A taxi charity is escorting veterans from the forces community to special, organised events - allowing them to share stories and revisit old battlegrounds.
The Taxi Charity for Military Veterans holds dozens of events every year, bringing former soldiers, sailors, and airmen to their destinations.
"They’re the best there is, they really look after us," said former machine gunner Jeffrey Hayward, who was twice awarded the Military Medal for bravery.
The charity has enabled Mr Hayward to go abroad and even visit a familiar battleground, Château Saint-Côme.
He reflected on his time in service: "Out of the 16 men in my platoon, six had been killed.
"The rest that were left, three were decorated for bravery – it was a bit hectic."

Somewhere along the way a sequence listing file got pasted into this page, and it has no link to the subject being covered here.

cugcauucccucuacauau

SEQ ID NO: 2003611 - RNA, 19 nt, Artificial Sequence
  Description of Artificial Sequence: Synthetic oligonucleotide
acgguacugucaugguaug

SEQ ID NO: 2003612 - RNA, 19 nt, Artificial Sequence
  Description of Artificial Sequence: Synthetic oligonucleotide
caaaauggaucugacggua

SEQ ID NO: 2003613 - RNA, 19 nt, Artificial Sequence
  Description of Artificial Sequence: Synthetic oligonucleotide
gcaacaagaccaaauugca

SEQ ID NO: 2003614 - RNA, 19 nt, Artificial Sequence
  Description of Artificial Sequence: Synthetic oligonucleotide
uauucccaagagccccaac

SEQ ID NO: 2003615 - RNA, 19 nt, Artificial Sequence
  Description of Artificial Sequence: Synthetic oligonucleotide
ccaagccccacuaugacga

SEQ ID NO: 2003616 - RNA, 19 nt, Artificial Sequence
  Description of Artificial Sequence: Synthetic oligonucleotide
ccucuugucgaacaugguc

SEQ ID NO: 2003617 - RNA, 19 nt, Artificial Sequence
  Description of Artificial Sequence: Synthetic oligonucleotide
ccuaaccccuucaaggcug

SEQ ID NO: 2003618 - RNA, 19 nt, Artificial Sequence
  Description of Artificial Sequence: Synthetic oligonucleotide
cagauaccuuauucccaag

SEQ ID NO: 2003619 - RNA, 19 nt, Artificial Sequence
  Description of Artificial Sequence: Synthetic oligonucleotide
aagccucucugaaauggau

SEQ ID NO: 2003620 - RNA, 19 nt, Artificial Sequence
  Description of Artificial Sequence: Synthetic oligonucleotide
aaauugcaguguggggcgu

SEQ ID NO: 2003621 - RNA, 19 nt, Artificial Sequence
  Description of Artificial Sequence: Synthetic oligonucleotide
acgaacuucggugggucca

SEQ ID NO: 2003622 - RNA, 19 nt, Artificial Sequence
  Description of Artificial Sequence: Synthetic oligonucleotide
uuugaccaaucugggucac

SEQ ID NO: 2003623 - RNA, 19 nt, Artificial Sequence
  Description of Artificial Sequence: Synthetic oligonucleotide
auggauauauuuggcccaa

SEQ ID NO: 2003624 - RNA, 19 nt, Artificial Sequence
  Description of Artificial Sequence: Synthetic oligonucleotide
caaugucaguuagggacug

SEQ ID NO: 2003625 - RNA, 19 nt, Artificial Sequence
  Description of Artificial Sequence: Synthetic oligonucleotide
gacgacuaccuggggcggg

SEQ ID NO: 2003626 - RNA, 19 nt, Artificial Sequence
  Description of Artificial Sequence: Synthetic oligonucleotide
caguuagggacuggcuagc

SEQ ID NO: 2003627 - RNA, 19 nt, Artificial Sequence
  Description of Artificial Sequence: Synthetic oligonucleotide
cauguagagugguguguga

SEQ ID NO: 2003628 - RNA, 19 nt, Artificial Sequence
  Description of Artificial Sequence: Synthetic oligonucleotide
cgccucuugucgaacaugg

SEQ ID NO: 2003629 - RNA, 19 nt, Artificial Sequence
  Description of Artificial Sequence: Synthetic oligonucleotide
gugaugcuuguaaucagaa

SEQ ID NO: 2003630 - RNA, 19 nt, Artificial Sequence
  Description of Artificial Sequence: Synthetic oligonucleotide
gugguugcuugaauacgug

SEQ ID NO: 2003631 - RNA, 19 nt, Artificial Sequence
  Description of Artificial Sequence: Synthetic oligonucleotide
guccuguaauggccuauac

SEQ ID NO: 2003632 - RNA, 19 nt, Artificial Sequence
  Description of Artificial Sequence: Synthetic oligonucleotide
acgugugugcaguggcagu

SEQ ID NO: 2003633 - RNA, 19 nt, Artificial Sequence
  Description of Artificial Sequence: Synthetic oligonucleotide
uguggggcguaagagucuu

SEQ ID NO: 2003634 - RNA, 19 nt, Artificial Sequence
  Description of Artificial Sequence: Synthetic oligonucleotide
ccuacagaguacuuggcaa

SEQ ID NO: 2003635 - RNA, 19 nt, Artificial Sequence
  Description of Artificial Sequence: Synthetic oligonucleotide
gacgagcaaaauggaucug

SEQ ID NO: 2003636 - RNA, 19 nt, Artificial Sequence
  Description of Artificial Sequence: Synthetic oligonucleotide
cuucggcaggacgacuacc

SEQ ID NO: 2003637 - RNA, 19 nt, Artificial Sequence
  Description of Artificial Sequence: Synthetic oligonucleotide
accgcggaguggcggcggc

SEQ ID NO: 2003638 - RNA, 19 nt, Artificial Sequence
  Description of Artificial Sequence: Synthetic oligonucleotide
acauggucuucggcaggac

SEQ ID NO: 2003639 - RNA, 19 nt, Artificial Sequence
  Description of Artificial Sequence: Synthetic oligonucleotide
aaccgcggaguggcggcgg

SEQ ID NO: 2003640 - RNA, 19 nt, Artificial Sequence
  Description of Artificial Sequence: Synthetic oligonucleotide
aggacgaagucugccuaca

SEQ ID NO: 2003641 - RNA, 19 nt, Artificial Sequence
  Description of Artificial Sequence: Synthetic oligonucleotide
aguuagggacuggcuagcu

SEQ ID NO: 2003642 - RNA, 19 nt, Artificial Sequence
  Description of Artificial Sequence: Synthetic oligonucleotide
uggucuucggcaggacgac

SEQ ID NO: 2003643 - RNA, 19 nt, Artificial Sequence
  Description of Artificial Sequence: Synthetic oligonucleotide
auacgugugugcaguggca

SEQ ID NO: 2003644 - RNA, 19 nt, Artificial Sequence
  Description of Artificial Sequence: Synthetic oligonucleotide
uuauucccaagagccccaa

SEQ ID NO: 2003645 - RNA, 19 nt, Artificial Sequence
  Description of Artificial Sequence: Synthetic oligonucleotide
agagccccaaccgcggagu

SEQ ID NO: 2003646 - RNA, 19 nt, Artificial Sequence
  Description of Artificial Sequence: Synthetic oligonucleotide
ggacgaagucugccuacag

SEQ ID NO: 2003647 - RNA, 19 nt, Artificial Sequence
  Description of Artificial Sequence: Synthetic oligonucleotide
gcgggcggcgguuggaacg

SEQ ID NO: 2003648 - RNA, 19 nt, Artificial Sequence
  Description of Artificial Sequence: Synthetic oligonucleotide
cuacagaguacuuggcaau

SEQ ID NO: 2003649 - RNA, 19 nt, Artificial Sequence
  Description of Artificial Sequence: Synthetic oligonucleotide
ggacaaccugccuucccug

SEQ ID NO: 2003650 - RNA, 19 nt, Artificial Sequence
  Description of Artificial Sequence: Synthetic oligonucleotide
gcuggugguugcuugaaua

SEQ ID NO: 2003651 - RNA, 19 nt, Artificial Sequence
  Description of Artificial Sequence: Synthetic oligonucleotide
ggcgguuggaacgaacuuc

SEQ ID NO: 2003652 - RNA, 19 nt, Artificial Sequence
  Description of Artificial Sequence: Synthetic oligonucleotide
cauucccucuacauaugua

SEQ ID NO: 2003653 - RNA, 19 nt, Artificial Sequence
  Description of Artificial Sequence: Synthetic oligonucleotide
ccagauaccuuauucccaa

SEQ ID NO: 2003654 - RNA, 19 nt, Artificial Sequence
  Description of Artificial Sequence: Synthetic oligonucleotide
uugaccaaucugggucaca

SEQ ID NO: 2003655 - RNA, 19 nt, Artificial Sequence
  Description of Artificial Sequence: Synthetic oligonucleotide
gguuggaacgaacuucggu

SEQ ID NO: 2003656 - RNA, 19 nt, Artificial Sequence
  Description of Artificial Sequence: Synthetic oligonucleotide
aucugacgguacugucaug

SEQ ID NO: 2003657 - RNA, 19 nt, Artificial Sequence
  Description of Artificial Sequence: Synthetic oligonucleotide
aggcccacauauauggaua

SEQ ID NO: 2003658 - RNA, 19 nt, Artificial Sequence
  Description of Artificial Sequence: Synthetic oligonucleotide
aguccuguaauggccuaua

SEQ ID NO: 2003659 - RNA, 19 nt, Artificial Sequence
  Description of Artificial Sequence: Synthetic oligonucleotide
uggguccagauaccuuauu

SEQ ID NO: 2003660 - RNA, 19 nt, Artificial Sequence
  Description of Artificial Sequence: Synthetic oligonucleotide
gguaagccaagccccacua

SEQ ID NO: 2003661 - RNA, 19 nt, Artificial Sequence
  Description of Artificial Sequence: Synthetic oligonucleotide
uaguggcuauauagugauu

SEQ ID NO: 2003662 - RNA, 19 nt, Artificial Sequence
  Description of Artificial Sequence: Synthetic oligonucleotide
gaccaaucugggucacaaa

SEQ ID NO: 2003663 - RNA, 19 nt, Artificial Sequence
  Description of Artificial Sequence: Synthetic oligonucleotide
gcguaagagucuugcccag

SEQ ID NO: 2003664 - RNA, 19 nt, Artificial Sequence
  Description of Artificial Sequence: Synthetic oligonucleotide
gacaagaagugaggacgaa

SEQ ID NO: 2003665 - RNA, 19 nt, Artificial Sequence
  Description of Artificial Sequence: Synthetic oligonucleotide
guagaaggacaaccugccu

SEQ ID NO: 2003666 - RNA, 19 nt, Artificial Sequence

Mr Hayward and his friend, Chelsea Pensioner George Parsons, have both marked their 100th birthdays this year - and with the help of the Taxi Charity, they've had the chance to celebrate it with their fellow comrades.
Ian Parsons, who works with the Taxi Charity for Military Veterans, feels that there is a shared perspective between the veterans and their drivers: "These veterans are men from the working backgrounds who were called up to duty, and there’s always been that connection."
The charity brought the veterans together for a celebratory lunch at the Union Jack Club in London.
The special lunch also marked 74 years since VJ Day.
Stepping out of his taxi and through the venue doors, 93-year-old Richard Edser had plenty of wartime stories from his time in the Pacific with HMS Formidable, after the ship was hit by a Japanese Kamikaze plane.
"We had to do a lot of sweeping up, pushing the aircraft over the side, we never saved anything, we just ditched it," he said.